From inside the factory, to boats, to the impact of the Menhaden on the Lewes we know today, to equal rights, to the unknown stories that should be told about Lewes’ Otis Smith , I felt this was an exciting acquisition and addition to the History Book Festival. It was exciting to see the discussion, and seeing people attending that worked in fisheries from all locations and that have founds themselves here in Delaware. We are richer for the diversity that comes to Delaware and the knowledge we have through the fishing, water industries, and rediscovering beginnings of the first state. In essence, being a new board member of the Delaware Humanities allows me to see events, social interactions, and experiences in a different light as well, and allowing myself to consider the impacts of events and experiences on learning more and more. Having the profession of librarian allows me to organize how these experience are able to impact communities, as well as individuals and be able to be used to increasingly bring people together that previously have not been.

Back to that word Democracy as well, I have learned over the years the meaning many people attach to a word is not exactly the one single meaning of a word. Let’s look at what we have talked about so far – consider these words – Gay, Democracy, Librarian, Lewes, Kent County, Sussex County, New Castle County, chicken industry, Delaware, rural v urban, white collar, blue collar – just a few. ANY of those words I have heard 100 conversations about them, and heard so many different stances on those words, it is worth THAT being a book. And yet, some of the preconceptions tied to those words are often not middle of the word, but convincing to a person until – something strong enough comes along to allow a space for reconsidering how you see that word.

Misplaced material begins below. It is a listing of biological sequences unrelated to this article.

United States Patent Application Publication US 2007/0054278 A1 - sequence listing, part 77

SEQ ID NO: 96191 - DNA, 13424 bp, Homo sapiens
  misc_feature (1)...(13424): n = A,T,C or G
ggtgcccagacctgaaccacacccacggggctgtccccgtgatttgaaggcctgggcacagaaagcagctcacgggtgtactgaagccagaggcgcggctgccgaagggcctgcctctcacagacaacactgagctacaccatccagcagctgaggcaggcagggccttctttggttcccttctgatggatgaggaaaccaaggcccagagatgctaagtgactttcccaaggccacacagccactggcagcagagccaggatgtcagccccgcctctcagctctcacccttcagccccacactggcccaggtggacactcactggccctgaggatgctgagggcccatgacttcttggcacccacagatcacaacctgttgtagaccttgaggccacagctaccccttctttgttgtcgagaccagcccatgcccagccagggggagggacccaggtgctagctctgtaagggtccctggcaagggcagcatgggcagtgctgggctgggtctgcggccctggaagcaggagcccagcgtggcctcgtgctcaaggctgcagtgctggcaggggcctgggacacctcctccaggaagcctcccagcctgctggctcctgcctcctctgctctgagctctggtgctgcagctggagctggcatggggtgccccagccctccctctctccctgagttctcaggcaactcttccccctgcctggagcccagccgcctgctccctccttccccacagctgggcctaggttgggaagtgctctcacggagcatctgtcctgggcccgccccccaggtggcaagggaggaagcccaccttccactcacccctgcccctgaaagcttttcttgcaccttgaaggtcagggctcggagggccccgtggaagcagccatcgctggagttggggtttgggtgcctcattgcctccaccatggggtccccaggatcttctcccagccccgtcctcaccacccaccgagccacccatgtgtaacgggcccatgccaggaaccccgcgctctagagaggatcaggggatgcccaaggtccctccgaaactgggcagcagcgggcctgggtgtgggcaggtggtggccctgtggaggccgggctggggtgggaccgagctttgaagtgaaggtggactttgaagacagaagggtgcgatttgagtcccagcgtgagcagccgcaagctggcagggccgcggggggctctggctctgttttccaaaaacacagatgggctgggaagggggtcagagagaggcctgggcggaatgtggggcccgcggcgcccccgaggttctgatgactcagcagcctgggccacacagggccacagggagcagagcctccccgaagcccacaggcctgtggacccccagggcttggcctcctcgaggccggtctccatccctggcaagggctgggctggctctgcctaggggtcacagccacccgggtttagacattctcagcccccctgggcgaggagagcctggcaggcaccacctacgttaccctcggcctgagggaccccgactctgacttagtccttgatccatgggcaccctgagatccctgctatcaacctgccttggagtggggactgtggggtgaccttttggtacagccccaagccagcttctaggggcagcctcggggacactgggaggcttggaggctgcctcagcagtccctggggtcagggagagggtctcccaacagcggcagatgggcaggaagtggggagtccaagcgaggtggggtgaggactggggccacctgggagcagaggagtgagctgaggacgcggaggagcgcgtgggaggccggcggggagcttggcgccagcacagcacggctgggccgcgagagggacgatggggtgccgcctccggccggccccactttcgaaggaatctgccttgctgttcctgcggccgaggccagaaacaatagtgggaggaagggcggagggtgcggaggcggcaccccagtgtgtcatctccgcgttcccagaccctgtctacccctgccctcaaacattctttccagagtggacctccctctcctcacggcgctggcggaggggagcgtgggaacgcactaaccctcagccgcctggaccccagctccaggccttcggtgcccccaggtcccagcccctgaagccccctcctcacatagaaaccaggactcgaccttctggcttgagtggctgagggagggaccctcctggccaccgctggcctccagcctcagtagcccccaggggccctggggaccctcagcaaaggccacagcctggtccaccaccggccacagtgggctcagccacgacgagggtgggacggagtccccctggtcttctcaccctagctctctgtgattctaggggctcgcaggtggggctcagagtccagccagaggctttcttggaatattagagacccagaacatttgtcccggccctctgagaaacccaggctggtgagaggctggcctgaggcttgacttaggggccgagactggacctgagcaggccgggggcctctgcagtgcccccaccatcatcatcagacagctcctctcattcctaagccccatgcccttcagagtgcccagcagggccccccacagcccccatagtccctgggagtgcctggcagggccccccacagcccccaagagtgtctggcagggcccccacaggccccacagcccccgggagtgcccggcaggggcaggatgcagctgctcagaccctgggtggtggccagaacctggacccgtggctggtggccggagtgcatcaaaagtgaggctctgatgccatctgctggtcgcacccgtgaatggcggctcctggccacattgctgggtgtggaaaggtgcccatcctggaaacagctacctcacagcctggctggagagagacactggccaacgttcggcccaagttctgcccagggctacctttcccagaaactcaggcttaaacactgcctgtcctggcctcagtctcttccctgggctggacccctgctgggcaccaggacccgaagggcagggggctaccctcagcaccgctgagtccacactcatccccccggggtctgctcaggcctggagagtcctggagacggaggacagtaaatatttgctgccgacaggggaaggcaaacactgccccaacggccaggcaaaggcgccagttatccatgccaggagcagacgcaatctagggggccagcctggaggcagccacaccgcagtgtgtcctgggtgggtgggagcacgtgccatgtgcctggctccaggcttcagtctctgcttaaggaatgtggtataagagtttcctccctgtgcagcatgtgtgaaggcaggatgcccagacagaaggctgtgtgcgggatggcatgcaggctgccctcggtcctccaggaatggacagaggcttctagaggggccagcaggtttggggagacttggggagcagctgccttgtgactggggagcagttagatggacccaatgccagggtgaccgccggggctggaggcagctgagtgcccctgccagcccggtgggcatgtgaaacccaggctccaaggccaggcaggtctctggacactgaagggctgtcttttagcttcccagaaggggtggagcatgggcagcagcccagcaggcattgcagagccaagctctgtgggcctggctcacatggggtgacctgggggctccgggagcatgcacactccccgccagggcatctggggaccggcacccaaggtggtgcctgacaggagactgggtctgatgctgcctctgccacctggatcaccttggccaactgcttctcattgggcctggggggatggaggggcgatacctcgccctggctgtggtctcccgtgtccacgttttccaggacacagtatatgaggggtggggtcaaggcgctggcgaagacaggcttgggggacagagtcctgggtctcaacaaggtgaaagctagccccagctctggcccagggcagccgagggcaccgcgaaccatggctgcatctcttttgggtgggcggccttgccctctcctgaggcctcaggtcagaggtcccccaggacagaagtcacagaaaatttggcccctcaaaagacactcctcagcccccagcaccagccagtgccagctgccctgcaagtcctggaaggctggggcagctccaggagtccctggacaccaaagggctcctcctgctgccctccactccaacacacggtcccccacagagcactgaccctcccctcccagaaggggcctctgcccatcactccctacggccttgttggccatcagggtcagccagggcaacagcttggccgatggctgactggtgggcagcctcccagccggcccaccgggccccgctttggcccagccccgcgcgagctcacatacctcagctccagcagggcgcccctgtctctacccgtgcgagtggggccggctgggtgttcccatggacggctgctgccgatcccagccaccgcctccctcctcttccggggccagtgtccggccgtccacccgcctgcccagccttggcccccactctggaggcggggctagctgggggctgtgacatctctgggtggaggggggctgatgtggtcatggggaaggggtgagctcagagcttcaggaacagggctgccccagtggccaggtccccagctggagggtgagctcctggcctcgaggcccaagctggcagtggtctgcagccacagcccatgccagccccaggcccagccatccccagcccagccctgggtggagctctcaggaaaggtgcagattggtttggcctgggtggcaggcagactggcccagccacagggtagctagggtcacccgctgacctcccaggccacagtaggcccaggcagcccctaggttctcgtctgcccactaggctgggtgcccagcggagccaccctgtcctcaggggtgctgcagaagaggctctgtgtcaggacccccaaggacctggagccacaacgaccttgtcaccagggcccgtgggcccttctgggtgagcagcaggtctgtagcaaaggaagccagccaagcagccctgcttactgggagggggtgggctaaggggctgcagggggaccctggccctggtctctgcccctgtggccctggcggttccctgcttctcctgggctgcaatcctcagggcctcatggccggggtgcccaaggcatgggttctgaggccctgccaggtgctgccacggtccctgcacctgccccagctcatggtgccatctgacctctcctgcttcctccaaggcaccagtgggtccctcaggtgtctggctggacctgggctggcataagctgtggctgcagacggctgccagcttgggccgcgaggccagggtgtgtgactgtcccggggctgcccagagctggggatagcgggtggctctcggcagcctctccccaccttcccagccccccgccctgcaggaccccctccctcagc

I would love to think, (as I currently do think, lol) the Lewes History Book Festival allows the space for people to see that words as exampled above, carry MANY different avenues of exploration and knowledge, and do not stand necessarily for a single path of thought according to one person. As a Delaware Humanities Board Member, as a Delaware Association for School Librarians member, as a Cross Country Coach, as a Certified English Educator and Librarian, as a citizen of the United States, I am grateful for being able to live in a Democratic country that allows me to discover events in history that individuals that have differing beliefs and lifestyles, that do live in differing counties, that DO different occupations, that DO believe in coming together to strengthen the state we live in. To me, that is Democracy if I was to take and isolate one of the many terms above, and there is still room to learn about Socialism, Communism, 100 different other -isms, but the bottom line is being a Delawarean, a true Delawarean, and even larger, a Democratic individual in the United States, is to be open to new experiences and have the ability to add more “water to the tank.” (non partisan please!)

About Harry Brake

Employee of Woodbridge High School, Library Media Specialist, Media crazy! :)